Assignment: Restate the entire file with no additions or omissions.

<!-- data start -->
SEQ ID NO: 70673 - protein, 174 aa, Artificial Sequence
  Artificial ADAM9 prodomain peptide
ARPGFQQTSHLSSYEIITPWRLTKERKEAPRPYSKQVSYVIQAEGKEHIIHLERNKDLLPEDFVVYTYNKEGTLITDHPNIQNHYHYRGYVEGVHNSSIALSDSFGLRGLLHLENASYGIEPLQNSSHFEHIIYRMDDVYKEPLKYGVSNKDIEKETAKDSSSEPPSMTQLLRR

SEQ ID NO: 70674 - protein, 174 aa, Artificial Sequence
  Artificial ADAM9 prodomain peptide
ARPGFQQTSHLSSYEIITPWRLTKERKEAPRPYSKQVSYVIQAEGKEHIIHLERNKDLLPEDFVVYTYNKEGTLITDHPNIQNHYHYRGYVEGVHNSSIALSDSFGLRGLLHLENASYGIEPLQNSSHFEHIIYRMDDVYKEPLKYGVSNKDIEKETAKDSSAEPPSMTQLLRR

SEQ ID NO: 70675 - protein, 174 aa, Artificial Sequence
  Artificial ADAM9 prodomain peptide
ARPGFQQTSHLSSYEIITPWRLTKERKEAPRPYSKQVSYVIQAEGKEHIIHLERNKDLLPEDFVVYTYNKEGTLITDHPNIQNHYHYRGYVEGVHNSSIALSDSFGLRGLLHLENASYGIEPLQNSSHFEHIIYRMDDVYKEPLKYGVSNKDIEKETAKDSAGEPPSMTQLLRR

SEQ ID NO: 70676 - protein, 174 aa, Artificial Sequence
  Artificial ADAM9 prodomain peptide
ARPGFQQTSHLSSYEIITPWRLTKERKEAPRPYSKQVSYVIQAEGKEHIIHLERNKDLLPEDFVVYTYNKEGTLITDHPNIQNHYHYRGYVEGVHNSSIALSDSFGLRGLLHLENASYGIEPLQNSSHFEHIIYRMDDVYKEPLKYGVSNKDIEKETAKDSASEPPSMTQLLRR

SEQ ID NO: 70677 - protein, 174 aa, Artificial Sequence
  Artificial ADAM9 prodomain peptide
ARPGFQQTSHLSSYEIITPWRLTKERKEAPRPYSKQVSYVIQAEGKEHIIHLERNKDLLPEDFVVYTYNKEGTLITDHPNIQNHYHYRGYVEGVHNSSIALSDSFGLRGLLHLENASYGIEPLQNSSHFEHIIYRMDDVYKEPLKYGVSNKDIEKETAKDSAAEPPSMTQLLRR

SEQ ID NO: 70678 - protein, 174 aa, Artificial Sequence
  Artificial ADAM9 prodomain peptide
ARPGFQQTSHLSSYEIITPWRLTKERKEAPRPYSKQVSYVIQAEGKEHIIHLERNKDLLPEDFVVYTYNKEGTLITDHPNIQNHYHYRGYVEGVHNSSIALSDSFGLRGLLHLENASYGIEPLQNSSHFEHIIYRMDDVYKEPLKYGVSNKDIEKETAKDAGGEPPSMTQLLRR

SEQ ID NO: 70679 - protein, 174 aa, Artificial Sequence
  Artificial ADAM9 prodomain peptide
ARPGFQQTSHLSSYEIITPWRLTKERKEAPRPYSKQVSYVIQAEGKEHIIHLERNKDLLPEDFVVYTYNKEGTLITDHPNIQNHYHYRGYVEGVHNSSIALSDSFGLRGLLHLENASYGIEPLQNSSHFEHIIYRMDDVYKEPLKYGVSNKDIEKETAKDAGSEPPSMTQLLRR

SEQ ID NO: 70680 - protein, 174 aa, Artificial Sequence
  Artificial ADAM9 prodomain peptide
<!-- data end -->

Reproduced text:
SEQ ID NO: 70673 - protein, 174 aa, Artificial Sequence
  Artificial ADAM9 prodomain peptide
ARPGFQQTSHLSSYEIITPWRLTKERKEAPRPYSKQVSYVIQAEGKEHIIHLERNKDLLPEDFVVYTYNKEGTLITDHPNIQNHYHYRGYVEGVHNSSIALSDSFGLRGLLHLENASYGIEPLQNSSHFEHIIYRMDDVYKEPLKYGVSNKDIEKETAKDSSSEPPSMTQLLRR

SEQ ID NO: 70674 - protein, 174 aa, Artificial Sequence
  Artificial ADAM9 prodomain peptide
ARPGFQQTSHLSSYEIITPWRLTKERKEAPRPYSKQVSYVIQAEGKEHIIHLERNKDLLPEDFVVYTYNKEGTLITDHPNIQNHYHYRGYVEGVHNSSIALSDSFGLRGLLHLENASYGIEPLQNSSHFEHIIYRMDDVYKEPLKYGVSNKDIEKETAKDSSAEPPSMTQLLRR

SEQ ID NO: 70675 - protein, 174 aa, Artificial Sequence
  Artificial ADAM9 prodomain peptide
ARPGFQQTSHLSSYEIITPWRLTKERKEAPRPYSKQVSYVIQAEGKEHIIHLERNKDLLPEDFVVYTYNKEGTLITDHPNIQNHYHYRGYVEGVHNSSIALSDSFGLRGLLHLENASYGIEPLQNSSHFEHIIYRMDDVYKEPLKYGVSNKDIEKETAKDSAGEPPSMTQLLRR

SEQ ID NO: 70676 - protein, 174 aa, Artificial Sequence
  Artificial ADAM9 prodomain peptide
ARPGFQQTSHLSSYEIITPWRLTKERKEAPRPYSKQVSYVIQAEGKEHIIHLERNKDLLPEDFVVYTYNKEGTLITDHPNIQNHYHYRGYVEGVHNSSIALSDSFGLRGLLHLENASYGIEPLQNSSHFEHIIYRMDDVYKEPLKYGVSNKDIEKETAKDSASEPPSMTQLLRR

SEQ ID NO: 70677 - protein, 174 aa, Artificial Sequence
  Artificial ADAM9 prodomain peptide
ARPGFQQTSHLSSYEIITPWRLTKERKEAPRPYSKQVSYVIQAEGKEHIIHLERNKDLLPEDFVVYTYNKEGTLITDHPNIQNHYHYRGYVEGVHNSSIALSDSFGLRGLLHLENASYGIEPLQNSSHFEHIIYRMDDVYKEPLKYGVSNKDIEKETAKDSAAEPPSMTQLLRR

SEQ ID NO: 70678 - protein, 174 aa, Artificial Sequence
  Artificial ADAM9 prodomain peptide
ARPGFQQTSHLSSYEIITPWRLTKERKEAPRPYSKQVSYVIQAEGKEHIIHLERNKDLLPEDFVVYTYNKEGTLITDHPNIQNHYHYRGYVEGVHNSSIALSDSFGLRGLLHLENASYGIEPLQNSSHFEHIIYRMDDVYKEPLKYGVSNKDIEKETAKDAGGEPPSMTQLLRR

SEQ ID NO: 70679 - protein, 174 aa, Artificial Sequence
  Artificial ADAM9 prodomain peptide
ARPGFQQTSHLSSYEIITPWRLTKERKEAPRPYSKQVSYVIQAEGKEHIIHLERNKDLLPEDFVVYTYNKEGTLITDHPNIQNHYHYRGYVEGVHNSSIALSDSFGLRGLLHLENASYGIEPLQNSSHFEHIIYRMDDVYKEPLKYGVSNKDIEKETAKDAGSEPPSMTQLLRR

SEQ ID NO: 70680 - protein, 174 aa, Artificial Sequence
  Artificial ADAM9 prodomain peptide